Most of the first loop of the "run" was pretty blurry. I was cold, hungry, and tired. I heard cheers of encouragement from the sidelines all along the route, "Good job!!!", "Go Alan!!!", "Keep it up!!!" But my mind was probably trying to conserve its own energy as all the faces and voices faded out like background noise. I just kept putting one foot in front of the other. Back on the Lakeshore Path, I wanted to stay on the crushed dirt trail to save the pounding on the legs, but it was way too muddy. I hit the tail portion of the course; it was lined with homemade signs offering encouragement. The Ford Inspiration point was there also, and if anyone entered any messages for me, well, sorry I did not look up at the display. Ironically at the "Inspiration Point" my day was quickly deteriorating.

By mile 10, I was now walking a lot. My brain seemed to be shutting itself down and the body with it. I had popped a gel a few minutes earlier, but it seemed to do nothing for me. I was getting light headed and doubts were clouding over. At the next aid station I grabbed a GU (I use Carb-Boom gel), a cup of Coke, and broth - three things I had never tried all season - and washed it down. I kept jogging and walking forward.

As I hit the Pedestrian Path again, I was sinking. The doubts were flooding in from all sides as I questioned myself. Why didn't I eat another Clif bar on the bike? When was the sun going to come out? Had I seen any medical tents along the course? What would happen if I stopped at an aid station? What if I did not finish? Or worse yet, what if I could not finish? My eyelids felt as if I had pulled three straight all-nighters as I struggled to stay awake, mentally and physically. I came off the Pedestrian Path and I walked into the tunnel.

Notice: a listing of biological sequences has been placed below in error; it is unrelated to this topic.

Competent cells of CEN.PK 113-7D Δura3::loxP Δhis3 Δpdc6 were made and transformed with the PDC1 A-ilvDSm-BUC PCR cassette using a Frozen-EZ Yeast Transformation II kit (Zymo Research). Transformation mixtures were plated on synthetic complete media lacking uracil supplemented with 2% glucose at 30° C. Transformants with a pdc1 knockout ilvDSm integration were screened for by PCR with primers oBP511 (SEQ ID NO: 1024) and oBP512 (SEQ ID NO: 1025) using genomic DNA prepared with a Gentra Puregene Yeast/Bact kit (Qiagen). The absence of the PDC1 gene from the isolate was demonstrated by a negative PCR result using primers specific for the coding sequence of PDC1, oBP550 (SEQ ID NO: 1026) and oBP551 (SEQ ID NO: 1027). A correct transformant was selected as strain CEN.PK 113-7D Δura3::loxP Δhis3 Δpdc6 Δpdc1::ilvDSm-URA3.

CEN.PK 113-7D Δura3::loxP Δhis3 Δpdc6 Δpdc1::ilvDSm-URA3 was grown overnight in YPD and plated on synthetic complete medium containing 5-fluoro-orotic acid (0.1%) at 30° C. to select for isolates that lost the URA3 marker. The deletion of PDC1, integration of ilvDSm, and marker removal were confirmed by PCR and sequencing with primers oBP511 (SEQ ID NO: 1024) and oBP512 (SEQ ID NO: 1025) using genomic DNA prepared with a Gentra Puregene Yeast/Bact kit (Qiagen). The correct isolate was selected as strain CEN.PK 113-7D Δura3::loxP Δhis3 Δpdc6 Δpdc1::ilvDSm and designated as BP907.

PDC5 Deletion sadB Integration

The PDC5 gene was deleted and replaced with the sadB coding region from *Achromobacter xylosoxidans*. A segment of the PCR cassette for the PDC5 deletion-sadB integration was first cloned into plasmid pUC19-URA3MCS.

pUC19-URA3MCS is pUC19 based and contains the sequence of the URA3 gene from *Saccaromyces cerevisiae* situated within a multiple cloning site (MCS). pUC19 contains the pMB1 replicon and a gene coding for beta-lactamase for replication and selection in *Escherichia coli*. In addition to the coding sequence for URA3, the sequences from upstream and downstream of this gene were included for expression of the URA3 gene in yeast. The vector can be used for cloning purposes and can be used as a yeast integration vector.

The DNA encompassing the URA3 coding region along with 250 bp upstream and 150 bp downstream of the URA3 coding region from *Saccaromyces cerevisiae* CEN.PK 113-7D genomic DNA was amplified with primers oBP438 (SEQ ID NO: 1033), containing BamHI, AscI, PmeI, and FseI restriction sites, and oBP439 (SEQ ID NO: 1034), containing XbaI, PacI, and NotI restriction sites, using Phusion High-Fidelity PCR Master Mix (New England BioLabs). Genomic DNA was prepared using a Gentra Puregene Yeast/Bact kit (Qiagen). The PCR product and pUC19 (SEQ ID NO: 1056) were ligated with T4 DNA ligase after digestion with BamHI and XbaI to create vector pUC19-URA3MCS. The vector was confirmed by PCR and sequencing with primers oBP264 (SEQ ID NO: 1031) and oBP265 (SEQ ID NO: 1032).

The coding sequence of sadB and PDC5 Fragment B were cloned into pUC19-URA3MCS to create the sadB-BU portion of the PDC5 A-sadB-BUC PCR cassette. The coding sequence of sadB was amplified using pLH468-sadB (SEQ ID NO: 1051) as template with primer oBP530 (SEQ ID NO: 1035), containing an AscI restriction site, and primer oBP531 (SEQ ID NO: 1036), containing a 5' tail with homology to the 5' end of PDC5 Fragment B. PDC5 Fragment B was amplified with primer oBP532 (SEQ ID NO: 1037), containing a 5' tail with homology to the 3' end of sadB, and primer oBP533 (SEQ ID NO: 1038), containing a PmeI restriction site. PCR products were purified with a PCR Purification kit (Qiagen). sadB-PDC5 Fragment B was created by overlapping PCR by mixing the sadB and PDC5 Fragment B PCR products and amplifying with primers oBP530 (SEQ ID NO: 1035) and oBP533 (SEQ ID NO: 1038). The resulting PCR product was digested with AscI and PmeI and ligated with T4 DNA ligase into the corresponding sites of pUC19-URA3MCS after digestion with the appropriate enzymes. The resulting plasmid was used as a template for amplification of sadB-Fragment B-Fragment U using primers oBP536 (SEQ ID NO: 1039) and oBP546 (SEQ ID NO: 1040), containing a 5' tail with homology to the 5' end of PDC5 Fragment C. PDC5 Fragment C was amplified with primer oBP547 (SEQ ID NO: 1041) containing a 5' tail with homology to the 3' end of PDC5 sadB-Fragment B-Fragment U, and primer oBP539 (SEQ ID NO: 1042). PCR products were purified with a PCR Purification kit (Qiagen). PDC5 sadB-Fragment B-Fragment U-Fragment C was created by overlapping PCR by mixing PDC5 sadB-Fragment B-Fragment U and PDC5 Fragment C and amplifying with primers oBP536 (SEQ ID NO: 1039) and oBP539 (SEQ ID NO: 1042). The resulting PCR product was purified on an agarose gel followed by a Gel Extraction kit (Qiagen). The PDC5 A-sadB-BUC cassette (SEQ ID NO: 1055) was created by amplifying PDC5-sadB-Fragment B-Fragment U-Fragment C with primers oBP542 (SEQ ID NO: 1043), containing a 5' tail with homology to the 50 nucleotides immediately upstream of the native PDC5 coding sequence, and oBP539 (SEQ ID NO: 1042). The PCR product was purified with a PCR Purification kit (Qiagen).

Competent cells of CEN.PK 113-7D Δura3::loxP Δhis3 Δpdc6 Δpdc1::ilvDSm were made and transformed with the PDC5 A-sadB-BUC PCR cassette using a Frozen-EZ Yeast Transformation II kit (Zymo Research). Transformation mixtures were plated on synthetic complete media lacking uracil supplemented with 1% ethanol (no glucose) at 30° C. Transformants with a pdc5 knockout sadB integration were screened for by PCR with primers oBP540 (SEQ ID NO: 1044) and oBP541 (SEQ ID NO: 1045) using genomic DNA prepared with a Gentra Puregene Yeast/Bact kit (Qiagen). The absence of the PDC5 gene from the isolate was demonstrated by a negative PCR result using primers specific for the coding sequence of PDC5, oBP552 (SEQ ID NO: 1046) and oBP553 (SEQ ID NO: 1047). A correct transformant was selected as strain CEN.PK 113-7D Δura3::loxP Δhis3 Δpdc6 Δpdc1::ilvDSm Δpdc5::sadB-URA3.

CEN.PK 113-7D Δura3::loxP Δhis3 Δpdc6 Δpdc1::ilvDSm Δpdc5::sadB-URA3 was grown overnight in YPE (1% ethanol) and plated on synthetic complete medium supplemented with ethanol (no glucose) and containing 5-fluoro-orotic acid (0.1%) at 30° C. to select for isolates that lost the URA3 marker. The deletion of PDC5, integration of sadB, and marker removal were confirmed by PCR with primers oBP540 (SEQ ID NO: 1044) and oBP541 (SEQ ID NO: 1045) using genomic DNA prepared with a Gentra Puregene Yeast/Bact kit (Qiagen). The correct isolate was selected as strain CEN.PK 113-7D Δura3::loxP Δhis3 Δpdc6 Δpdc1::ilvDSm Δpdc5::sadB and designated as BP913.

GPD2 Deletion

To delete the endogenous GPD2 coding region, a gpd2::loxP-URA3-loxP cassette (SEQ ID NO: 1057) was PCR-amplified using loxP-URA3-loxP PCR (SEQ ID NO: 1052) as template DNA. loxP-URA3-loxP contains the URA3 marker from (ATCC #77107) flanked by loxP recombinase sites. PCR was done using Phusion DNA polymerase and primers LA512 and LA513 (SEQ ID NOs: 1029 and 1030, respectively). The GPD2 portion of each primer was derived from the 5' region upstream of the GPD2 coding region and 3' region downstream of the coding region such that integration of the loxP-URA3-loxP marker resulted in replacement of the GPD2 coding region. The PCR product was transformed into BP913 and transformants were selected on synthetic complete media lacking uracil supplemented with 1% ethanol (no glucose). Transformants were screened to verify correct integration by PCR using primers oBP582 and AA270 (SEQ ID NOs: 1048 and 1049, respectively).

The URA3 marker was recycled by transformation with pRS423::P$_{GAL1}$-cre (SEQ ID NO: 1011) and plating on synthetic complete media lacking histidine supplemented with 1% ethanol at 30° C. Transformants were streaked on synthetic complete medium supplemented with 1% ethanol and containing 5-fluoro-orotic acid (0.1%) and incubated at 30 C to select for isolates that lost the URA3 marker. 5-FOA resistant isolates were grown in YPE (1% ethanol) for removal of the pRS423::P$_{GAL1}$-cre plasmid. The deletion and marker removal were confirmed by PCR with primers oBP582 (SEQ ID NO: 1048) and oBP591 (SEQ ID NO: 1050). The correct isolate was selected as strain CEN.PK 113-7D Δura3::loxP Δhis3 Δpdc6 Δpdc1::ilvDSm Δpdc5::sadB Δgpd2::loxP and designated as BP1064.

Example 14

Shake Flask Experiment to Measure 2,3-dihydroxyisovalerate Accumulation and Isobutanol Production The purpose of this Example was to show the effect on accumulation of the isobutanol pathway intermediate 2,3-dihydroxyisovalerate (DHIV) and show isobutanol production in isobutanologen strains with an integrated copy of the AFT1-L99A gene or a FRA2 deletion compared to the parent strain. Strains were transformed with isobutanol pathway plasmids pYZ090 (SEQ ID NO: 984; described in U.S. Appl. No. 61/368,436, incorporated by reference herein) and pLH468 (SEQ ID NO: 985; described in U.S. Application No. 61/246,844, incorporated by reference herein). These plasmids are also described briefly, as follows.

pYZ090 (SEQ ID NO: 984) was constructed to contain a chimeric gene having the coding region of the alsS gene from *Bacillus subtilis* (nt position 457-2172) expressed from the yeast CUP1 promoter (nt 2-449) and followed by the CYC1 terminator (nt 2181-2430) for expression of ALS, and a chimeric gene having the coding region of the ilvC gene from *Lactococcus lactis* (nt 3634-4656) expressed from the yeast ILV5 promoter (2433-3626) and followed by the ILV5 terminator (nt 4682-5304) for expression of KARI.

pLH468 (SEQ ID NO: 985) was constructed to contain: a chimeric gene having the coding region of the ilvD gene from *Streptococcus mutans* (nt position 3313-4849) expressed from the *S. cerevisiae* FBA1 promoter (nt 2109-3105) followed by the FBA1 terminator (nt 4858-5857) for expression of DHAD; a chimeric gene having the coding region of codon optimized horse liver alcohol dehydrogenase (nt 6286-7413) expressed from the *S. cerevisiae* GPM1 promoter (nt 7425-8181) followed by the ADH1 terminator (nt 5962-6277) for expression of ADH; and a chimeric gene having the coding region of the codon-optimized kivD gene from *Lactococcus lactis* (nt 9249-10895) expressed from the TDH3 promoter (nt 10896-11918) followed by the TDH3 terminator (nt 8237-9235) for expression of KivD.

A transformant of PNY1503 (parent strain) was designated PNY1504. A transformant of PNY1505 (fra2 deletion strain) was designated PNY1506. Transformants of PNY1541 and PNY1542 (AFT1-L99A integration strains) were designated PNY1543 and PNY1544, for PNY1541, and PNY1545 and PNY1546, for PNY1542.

Than at that moment, I no longer wanted to move forward. The desire and will to finish was no longer in me. I wanted it all to disappear: the rain, the cold, the hunger, the aching muscles and bones. I was defeated. The eyes closed shut.

And then...

I stopped...




I don't know how long I was in that tunnel, but the wind howled at me once again. It struck the cross I was carrying on my back and I was urged to take my next step. Standing there was colder than moving forward.

I emerged from the dank tunnel as if I was busting out of my cocoon.

One step, another step...

shuffle, shuffle...

jog, jog, jog...


I rationalized that even if I walked the next 13 miles, I probably built up enough of a time buffer to finish before midnight. But for whatever reason, I was ready to run - after a 126 mile warmup. And in an instant, gone were all the fears and doubts. I was keeping the celebration under control, but I knew I would be an Ironman that day.

On that last stretch back to downtown, I made a promise to myself that regardless of what happened over the next several hours, I would have the time of my life. No longer was I concerned about pace or how many gels I had in my pocket. No longer was I saddled with racing towards a goal time. No longer was I chasing after things beyond my control. I was in a powerful moment and I would live in it. I certainly did not know when or if I would ever be back at a time or place like this again and so I was going to savor the next 13 plus miles.

I hit the special needs bag on a high. I reloaded my pocket with gels and even threw my dry socks into my pocket. I grabbed a plastic bag and tried to slip it over my torso. A kind volunteer helped me with it. I told him I was feeling awesome and that I probably would strip the bag off later. He said no problem and wished me well. I thanked him in turn. As I turned around I saw John coming out for his first loop. I jogged along with him and we chatted a bit. After a few moments I suggested he take the broth at the aid stations, since that provided both nutrition and warmth. I offered some parting words of encouragement and pressed forward. I shed the baggie moments later and remarked to the spectator next to me that Ironmen don't wear plastic, just lycra.

I crossed through the tunnel and remembered what had happened there moments before. I was unfazed this time. As I popped onto the Pedestrian Path, I heard Pharmie yell out at me as she went the other direction. I was hoping to meet up with her again later on the run. Moments later, Mark, a fellow tri club member, caught sight of me and said hello. I ran with him for a little while and hoped to get his spirits up. He mentioned his legs were cramping quite a bit. I tried to encourage him the best I could and wished him well as I went off to try to catch Pharmie.